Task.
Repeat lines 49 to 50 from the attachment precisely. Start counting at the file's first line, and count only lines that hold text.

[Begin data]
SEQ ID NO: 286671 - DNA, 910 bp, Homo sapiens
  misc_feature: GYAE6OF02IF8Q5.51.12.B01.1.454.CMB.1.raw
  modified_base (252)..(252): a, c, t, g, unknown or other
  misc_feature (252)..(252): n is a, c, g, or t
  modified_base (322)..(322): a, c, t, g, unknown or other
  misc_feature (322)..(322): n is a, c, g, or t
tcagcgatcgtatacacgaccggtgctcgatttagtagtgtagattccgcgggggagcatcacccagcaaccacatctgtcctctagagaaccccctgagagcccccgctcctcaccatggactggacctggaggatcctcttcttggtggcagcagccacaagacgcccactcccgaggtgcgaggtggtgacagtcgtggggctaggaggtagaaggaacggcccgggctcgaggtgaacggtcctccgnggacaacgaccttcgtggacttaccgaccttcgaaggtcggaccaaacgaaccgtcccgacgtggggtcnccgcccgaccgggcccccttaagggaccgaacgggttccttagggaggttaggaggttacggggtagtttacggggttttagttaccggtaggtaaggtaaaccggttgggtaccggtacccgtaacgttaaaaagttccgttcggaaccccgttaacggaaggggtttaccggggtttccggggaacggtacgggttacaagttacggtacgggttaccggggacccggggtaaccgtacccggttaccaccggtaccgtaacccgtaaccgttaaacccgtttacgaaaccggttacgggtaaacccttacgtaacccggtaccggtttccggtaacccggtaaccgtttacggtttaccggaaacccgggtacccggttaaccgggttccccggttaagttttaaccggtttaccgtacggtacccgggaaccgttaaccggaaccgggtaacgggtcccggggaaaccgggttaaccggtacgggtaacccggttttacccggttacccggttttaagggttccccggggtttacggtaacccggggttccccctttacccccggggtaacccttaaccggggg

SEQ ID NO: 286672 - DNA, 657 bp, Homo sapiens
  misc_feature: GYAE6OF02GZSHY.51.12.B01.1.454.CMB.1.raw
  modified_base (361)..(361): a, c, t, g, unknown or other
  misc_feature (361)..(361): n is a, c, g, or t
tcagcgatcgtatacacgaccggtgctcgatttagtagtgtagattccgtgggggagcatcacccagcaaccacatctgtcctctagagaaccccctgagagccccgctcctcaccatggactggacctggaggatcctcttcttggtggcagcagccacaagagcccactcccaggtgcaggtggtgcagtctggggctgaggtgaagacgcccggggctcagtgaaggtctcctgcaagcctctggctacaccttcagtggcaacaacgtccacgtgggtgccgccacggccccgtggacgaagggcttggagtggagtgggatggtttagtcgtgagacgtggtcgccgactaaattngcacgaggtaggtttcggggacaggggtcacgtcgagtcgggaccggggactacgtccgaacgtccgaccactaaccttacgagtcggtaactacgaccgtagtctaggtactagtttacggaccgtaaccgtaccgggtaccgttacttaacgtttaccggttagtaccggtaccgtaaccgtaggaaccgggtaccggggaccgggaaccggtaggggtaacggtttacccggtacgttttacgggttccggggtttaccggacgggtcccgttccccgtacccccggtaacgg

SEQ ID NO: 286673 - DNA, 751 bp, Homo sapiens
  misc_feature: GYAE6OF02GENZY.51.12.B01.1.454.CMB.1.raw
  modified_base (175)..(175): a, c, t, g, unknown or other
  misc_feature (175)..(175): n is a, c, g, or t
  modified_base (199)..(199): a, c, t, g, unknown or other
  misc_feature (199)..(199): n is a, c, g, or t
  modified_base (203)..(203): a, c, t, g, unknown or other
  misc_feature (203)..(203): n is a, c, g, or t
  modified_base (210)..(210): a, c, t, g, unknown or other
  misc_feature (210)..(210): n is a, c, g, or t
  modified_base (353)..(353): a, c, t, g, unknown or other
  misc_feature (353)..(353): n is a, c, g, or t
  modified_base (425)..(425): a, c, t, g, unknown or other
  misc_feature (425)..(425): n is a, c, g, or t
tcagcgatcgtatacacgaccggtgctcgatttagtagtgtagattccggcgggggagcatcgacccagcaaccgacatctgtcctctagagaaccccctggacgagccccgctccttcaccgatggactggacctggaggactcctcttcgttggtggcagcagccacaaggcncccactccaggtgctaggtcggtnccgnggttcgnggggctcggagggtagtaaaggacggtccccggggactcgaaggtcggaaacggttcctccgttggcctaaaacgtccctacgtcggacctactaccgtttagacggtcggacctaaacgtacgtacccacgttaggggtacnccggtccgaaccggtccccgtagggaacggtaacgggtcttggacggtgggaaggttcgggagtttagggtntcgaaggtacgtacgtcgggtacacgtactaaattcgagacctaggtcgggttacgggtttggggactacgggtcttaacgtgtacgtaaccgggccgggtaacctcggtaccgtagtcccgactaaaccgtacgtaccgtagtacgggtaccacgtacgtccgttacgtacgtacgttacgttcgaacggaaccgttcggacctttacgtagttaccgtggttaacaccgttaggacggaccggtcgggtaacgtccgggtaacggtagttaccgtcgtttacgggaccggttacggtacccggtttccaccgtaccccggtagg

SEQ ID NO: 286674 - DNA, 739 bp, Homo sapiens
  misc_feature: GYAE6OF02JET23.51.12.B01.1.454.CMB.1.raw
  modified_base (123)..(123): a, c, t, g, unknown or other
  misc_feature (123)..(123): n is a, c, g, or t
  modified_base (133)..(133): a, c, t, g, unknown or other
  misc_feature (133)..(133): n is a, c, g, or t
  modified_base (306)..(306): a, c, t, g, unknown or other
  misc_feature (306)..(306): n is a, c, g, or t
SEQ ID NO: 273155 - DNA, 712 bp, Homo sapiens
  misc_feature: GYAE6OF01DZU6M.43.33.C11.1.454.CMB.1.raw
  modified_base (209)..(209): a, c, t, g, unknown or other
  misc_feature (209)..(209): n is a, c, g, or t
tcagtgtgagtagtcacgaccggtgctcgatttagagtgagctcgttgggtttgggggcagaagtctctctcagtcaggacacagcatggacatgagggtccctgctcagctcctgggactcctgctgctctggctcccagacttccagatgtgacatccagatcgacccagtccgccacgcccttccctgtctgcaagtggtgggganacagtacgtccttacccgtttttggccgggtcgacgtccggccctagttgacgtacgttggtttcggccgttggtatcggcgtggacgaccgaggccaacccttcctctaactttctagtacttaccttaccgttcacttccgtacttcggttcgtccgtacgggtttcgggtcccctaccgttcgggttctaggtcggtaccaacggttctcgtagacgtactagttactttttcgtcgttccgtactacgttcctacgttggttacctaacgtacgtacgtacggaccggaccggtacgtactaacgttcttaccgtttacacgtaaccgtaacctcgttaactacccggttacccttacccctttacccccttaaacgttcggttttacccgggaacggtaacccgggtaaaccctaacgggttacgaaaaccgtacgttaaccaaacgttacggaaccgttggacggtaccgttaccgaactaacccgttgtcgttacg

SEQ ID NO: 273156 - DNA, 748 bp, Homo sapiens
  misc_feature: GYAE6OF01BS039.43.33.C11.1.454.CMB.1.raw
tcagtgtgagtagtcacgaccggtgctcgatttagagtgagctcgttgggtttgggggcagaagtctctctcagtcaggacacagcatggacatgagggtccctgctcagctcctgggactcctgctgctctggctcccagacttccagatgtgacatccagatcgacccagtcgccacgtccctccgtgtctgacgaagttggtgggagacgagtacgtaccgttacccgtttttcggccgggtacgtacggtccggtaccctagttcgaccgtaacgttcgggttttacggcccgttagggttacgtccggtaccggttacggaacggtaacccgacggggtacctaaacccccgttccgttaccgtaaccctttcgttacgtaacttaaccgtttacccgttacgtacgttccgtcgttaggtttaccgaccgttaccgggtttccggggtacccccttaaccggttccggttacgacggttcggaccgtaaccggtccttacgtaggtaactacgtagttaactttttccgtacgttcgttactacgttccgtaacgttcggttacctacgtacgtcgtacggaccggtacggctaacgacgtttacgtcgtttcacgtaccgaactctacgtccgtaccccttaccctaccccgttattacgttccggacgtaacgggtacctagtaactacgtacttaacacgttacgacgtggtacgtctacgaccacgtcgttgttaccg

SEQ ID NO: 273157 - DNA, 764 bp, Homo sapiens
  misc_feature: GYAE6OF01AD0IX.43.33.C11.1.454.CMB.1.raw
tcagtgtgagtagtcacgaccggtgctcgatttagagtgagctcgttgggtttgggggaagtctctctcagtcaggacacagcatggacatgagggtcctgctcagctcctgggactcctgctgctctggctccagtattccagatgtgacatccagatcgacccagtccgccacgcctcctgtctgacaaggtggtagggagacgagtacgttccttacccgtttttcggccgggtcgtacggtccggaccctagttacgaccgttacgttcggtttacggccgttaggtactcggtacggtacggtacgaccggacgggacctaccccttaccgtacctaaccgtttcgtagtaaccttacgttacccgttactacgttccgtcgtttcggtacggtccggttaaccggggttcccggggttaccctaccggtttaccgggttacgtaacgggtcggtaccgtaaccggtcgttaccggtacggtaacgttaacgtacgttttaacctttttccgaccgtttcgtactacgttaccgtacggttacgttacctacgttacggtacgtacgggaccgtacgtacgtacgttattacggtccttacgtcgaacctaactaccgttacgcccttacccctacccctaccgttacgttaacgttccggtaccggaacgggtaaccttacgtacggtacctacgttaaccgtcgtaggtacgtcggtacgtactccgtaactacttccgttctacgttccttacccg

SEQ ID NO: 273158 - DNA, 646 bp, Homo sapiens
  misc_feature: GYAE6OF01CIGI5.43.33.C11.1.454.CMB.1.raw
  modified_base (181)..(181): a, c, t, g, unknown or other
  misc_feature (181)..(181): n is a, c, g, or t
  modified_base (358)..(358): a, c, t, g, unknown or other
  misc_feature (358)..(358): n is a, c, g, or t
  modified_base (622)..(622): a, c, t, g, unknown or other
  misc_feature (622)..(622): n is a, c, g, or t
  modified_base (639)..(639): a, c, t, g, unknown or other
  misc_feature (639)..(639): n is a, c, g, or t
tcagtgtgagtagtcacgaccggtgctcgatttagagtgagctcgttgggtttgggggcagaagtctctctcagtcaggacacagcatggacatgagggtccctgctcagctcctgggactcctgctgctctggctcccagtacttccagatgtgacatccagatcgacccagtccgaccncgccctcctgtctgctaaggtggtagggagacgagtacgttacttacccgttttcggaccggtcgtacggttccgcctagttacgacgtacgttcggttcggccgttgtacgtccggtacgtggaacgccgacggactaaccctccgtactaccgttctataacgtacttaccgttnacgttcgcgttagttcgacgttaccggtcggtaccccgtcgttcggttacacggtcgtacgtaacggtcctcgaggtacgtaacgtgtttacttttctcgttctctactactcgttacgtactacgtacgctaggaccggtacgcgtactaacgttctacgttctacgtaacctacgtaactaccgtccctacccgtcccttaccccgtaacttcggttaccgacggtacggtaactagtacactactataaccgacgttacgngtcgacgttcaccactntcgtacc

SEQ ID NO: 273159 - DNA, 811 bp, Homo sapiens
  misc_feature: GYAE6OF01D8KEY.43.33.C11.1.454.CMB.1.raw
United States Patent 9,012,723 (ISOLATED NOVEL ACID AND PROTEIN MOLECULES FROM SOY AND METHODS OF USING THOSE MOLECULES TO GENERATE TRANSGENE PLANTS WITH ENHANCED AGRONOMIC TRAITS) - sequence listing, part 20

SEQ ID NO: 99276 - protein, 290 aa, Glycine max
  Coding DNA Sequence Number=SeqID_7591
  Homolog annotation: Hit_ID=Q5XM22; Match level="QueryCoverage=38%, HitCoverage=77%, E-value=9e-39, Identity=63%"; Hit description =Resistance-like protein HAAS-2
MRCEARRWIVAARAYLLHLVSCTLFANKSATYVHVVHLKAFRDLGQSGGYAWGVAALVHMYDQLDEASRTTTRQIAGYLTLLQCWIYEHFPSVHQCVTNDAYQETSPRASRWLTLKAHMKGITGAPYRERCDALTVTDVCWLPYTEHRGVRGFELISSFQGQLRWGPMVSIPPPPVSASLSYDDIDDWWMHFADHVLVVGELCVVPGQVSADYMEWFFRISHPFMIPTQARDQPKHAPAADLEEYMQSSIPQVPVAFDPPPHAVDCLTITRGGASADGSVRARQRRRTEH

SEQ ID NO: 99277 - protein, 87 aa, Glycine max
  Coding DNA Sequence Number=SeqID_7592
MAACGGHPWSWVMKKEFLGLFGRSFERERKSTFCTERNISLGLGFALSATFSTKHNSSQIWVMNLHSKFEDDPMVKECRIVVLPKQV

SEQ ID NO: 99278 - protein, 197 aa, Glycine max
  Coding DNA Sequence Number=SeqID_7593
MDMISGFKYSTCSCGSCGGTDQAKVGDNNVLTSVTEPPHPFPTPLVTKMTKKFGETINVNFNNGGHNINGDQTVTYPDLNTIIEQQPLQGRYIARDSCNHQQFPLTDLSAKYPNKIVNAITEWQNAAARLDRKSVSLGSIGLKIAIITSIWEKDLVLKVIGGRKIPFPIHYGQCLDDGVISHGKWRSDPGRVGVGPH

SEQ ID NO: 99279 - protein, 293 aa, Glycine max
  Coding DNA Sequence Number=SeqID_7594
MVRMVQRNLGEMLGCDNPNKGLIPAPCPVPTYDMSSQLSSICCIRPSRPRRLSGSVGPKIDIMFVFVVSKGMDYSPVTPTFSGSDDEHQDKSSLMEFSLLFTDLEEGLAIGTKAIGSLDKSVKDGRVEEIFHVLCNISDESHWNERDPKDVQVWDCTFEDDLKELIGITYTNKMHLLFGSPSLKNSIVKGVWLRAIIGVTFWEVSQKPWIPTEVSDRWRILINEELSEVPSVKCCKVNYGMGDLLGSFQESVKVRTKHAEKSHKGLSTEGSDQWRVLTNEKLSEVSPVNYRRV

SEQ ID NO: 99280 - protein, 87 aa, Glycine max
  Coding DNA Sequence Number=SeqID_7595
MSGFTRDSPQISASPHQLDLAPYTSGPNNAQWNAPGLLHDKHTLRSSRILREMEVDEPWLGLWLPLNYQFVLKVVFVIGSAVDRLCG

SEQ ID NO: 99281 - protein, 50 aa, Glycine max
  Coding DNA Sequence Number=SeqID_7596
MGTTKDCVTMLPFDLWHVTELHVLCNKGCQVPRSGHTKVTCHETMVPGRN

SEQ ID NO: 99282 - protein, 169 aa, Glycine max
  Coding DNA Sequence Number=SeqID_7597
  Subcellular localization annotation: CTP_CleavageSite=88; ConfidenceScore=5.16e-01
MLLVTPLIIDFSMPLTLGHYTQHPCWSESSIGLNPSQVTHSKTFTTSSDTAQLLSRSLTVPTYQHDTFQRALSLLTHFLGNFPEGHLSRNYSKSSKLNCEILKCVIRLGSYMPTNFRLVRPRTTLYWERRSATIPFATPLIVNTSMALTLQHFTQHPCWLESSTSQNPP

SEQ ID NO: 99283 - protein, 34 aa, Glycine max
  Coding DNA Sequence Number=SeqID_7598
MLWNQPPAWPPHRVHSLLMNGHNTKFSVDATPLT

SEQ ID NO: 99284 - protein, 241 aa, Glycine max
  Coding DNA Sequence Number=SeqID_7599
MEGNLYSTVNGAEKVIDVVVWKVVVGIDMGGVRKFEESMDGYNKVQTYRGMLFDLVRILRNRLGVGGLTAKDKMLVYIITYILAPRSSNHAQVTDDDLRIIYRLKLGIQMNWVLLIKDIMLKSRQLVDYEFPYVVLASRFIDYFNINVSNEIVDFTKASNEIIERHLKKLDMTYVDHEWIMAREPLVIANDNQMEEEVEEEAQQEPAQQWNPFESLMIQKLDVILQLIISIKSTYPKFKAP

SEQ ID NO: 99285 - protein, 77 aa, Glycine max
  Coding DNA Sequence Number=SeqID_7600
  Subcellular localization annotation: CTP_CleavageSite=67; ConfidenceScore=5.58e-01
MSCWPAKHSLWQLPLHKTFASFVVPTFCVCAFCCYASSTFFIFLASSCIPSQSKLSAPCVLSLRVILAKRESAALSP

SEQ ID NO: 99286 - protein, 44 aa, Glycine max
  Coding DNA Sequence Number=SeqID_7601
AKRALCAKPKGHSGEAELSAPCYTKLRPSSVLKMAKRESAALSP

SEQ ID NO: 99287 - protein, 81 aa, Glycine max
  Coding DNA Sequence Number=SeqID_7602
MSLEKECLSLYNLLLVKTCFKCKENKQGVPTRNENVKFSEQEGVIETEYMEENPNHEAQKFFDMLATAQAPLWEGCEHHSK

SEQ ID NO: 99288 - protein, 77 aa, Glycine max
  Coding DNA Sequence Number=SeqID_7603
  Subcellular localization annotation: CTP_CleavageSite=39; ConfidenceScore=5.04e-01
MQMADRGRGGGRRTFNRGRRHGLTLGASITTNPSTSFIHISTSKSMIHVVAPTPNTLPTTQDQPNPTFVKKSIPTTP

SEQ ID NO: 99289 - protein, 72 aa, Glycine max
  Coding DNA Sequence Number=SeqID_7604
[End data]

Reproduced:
  modified_base (181)..(181): a, c, t, g, unknown or other
  misc_feature (181)..(181): n is a, c, g, or t